China's DRAM market tries to shake off Olympic blues

CIOL Bureau
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USA: China was hoping for an economic boost from the Summer Olympic Games, but for the nation’s DRAM market, the event actually had the opposite effect, plowing a trough in demand right before the all-important holiday season, according to iSuppli Corp.


With China’s attention focused on the event, third-quarter DRAM shipments in the nation are expected to post virtually no growth compared to the second quarter, falling short of expectations.

However, iSuppli believes DRAM demand in the nation will begin to recover sharply after the conclusion of the Olympics and the start of the pre-holiday ramp up.

“The games clashed with the traditional summer promotional season for PCs in China, with many consumers glued to their TVs and absent from stores,” said John Lei, analyst, memory ICs and storage systems for iSuppli. “This caused sales momentum to slow. Furthermore, all the IT equipment required for the Olympics was purchased years before the event, meaning there was no Olympic boost for DRAM demand.”


Even before the Olympics, consumer PC demand in China was already facing some economic headwinds due to rising inflation. Beyond this, China’s government engaged in more strict control of imports during the Olympics, causing purchasing activity on the DRAM spot memory market to decline.

Holiday rebound looms

With the conclusion of the Olympics and the impending start of the holiday season, consumers should start buying more PCs, driving domestic demand for DRAM. Furthermore, China’s Consumer Price Index (CPI) began to decline in the second quarter and is likely to continue to decrease throughout the second half, reducing inflationary pressures and encouraging consumers to spend.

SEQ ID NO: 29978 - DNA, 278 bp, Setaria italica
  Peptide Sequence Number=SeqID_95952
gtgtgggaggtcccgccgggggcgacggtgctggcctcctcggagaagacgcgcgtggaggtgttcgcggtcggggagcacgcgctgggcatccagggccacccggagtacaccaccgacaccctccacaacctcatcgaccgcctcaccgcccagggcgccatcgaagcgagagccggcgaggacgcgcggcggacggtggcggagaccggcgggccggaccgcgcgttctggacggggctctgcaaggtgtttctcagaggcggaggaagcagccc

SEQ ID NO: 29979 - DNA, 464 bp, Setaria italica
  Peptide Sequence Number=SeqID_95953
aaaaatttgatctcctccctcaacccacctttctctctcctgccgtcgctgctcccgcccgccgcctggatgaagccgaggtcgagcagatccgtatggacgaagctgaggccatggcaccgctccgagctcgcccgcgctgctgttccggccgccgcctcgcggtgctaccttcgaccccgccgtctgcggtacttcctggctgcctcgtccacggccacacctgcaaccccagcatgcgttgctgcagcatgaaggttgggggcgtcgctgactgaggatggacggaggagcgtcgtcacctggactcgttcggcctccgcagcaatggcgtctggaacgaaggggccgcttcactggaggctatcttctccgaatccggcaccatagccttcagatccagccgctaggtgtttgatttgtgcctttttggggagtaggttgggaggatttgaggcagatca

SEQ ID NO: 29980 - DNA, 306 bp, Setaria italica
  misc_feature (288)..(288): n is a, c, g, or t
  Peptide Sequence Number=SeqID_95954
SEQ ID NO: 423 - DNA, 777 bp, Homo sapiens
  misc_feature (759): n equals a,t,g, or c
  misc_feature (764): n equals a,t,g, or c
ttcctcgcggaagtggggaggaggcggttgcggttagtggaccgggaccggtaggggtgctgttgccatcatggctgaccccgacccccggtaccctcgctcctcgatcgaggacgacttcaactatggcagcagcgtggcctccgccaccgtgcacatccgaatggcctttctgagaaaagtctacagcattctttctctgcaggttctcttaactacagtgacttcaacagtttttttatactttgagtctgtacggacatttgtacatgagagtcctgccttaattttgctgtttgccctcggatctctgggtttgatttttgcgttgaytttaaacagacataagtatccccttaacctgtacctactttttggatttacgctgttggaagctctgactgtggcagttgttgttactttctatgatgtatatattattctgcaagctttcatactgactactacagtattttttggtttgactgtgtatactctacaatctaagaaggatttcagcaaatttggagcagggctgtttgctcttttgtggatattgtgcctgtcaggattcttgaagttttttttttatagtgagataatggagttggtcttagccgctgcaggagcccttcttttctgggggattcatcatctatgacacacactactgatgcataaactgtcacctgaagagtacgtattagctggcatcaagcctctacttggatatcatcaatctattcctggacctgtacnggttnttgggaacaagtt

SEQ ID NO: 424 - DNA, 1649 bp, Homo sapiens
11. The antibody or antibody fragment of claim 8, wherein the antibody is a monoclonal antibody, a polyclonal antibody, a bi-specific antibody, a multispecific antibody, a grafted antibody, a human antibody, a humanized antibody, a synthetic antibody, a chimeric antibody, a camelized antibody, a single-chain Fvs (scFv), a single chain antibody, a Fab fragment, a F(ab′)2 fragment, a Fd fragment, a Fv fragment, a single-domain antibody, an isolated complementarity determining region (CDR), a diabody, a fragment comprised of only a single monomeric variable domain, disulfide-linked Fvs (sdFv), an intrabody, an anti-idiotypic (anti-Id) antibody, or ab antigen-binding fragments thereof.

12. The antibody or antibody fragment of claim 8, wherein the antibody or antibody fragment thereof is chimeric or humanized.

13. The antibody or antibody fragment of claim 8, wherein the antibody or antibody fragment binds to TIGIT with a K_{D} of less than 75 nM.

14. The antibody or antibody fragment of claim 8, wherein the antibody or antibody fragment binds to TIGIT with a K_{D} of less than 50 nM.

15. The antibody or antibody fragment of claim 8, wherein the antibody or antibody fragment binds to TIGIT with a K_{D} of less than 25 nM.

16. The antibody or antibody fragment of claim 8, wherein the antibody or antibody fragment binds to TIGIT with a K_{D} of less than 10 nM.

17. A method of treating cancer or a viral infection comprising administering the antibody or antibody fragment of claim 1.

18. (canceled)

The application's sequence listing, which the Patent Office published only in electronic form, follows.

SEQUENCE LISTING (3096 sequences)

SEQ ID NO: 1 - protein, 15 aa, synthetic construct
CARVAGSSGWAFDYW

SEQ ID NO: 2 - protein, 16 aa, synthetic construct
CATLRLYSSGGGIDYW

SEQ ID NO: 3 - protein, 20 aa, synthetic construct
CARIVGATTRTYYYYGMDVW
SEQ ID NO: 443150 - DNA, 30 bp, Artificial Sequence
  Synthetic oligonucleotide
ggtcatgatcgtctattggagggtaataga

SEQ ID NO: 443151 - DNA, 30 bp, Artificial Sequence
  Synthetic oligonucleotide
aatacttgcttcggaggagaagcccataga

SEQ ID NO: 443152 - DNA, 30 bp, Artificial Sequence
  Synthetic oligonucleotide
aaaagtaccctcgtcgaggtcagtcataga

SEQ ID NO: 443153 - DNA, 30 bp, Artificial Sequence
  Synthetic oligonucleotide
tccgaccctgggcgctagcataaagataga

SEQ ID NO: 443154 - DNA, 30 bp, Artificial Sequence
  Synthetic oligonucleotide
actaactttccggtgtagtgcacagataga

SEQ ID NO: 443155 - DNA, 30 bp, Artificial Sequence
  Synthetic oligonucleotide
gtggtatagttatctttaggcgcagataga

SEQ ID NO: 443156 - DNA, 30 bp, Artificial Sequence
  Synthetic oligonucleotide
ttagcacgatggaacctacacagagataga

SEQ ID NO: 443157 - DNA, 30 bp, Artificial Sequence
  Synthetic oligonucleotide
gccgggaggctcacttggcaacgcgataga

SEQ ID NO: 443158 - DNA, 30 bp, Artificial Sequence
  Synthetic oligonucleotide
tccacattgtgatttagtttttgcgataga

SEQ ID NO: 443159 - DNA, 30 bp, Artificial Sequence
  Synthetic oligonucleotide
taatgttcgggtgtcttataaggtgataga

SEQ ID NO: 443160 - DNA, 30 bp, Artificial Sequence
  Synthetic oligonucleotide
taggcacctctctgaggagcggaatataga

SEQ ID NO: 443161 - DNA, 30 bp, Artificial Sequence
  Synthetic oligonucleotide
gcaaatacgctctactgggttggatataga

“Much of the demand that disappeared during the Olympics could return during the holiday season,” Lei said. “Consumers will be upgrading and replacing their old PCs to meet software requirements. With DRAM prices at low levels and inflation more tame, consumers may be out buying PCs in force during the holiday season.”


IT cycle turns

With most of the construction and provisioning of national IT facilities having been completed prior to the Olympics, most PCs now in use at these operations are at least two to three years old. These systems will need to be replaced or upgraded, particularly with the 60th National Day events to be held in 2009.

Furthermore, fast-growing Chinese Internet-service companies will be upgrading their systems as they expand their operations in order to attract more customers. Rather than buying completely new equipment, many of these companies are likely to take a cheaper route and upgrade the DRAM in many of their systems, iSuppli predicts.

The fundamentals

Regardless of the third quarter, China remains one of the most vibrant markets for DRAM in the world. National PC penetration per family is only at about 55 percent, which means computer and DRAM demand will continue growing in the future. Much of the growth will be in lower-cost white box PCs, whose sales growth is expected to outperform the branded computer segment in the coming years. Due to these factors, iSuppli predicts China’s DRAM market will avoid a downturn.


Inventory concerns

While demand in China is expected to recover, the DRAM industry still faces a significant overhang of inventory, which is causing prices to decline. In the spot memory market, pricing for 1Gbit Double Data Rate 2 (DDR2) DRAM dropped by a stunning 18 percent during the week of Sept. 1. iSuppli expects a severe price drop for the entire month of September. Because of this, it’s a great time to buy DRAM in China, according to iSuppli.

Source: iSuppli